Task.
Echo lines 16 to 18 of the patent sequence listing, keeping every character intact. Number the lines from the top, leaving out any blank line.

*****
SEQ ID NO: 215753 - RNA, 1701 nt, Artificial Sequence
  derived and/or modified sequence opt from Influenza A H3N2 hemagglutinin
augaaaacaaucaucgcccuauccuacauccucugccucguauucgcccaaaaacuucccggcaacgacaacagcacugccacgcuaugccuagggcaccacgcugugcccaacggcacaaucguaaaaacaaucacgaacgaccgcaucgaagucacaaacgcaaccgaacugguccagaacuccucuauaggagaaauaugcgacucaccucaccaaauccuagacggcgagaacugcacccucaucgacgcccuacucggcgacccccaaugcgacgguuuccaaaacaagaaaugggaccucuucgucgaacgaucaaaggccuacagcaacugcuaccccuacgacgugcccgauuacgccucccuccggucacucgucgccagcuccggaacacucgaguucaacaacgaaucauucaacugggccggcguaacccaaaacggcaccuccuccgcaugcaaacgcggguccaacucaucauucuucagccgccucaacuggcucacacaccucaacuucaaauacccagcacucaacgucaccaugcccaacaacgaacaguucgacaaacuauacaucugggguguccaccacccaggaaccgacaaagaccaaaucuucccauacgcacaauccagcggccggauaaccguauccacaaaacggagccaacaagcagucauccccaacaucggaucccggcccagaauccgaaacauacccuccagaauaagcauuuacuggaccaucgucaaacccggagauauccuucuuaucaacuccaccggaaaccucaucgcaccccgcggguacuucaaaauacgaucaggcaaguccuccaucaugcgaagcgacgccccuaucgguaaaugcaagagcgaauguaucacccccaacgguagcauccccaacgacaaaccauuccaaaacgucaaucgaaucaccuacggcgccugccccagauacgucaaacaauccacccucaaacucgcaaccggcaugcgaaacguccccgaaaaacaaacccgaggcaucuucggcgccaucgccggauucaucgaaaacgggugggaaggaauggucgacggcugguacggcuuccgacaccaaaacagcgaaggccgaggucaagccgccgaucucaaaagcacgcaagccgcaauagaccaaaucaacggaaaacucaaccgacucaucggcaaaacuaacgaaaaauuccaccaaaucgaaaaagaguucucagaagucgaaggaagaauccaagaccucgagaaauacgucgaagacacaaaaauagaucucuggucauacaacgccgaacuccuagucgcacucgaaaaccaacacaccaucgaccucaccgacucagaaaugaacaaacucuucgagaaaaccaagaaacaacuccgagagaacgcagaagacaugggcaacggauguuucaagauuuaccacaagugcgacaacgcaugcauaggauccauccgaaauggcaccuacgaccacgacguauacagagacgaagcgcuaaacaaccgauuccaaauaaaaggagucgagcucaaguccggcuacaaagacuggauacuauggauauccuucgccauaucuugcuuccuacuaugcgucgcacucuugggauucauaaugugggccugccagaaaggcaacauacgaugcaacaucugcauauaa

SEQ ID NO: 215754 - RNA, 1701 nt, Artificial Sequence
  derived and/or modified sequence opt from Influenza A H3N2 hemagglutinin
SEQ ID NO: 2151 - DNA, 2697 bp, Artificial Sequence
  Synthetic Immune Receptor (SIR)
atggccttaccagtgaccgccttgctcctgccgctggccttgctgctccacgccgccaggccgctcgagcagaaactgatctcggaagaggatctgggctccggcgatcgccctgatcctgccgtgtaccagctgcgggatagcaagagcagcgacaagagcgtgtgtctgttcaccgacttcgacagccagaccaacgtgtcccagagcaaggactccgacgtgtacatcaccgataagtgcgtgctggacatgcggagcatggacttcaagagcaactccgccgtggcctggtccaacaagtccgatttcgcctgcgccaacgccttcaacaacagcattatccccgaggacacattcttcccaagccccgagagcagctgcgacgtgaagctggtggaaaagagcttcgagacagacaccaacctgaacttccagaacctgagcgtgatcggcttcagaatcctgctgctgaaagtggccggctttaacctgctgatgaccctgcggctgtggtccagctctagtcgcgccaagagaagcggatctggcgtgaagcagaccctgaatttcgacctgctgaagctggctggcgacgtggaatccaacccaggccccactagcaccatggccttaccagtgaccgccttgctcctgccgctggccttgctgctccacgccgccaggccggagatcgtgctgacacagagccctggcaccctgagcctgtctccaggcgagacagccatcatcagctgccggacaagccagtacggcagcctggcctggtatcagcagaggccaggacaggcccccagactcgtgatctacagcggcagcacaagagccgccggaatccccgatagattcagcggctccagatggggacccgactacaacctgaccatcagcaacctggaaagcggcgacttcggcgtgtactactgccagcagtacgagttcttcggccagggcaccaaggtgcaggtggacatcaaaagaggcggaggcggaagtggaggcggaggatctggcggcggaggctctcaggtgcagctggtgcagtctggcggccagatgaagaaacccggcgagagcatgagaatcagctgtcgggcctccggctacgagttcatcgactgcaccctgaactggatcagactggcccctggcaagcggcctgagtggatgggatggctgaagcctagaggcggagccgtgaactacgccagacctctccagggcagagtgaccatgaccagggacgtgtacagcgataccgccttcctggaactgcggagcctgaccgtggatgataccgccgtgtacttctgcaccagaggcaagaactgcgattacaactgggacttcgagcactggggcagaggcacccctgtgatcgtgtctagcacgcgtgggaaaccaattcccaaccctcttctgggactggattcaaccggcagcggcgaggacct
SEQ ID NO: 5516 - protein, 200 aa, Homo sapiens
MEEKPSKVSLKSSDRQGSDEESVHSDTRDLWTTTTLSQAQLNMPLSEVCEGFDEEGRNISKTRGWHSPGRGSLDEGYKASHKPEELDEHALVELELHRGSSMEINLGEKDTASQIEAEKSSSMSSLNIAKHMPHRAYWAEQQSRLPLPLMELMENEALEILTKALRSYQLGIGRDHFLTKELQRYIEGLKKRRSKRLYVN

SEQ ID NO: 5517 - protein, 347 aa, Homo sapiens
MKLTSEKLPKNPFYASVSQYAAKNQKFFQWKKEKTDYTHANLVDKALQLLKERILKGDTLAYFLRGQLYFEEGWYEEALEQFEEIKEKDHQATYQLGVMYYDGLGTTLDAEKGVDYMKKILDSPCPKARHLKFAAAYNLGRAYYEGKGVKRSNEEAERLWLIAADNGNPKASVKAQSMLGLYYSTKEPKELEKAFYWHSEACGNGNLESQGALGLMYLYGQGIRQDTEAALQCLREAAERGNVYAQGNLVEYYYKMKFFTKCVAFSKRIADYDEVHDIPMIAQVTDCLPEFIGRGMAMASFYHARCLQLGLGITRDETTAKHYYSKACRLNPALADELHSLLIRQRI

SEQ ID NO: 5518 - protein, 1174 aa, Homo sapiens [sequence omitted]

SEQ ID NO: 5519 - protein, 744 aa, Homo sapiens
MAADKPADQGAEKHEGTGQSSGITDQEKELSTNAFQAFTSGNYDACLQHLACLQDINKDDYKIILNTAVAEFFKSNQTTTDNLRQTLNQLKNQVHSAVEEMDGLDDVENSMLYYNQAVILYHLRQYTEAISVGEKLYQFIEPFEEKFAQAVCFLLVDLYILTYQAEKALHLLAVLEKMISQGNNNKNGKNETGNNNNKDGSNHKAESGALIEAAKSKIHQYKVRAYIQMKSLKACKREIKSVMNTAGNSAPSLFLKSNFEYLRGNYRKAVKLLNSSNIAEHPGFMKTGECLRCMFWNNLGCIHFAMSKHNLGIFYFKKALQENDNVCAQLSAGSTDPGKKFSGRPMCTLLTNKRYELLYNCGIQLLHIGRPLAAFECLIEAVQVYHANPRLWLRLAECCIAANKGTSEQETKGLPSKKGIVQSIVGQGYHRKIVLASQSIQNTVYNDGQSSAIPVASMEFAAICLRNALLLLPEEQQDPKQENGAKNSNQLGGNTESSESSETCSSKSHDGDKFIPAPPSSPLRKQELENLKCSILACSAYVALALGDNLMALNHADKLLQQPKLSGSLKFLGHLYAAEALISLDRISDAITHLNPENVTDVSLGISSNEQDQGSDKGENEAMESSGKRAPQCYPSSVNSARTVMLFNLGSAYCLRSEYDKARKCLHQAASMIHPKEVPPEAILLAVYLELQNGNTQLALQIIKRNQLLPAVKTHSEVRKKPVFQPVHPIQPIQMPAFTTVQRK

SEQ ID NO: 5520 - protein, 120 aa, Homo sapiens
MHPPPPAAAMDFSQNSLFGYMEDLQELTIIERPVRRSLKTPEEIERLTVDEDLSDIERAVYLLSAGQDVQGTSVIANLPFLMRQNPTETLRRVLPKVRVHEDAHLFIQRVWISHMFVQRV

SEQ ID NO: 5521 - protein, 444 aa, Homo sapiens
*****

SEQ ID NO: 5520 - protein, 120 aa, Homo sapiens
MHPPPPAAAMDFSQNSLFGYMEDLQELTIIERPVRRSLKTPEEIERLTVDEDLSDIERAVYLLSAGQDVQGTSVIANLPFLMRQNPTETLRRVLPKVRVHEDAHLFIQRVWISHMFVQRV

SEQ ID NO: 5521 - protein, 444 aa, Homo sapiens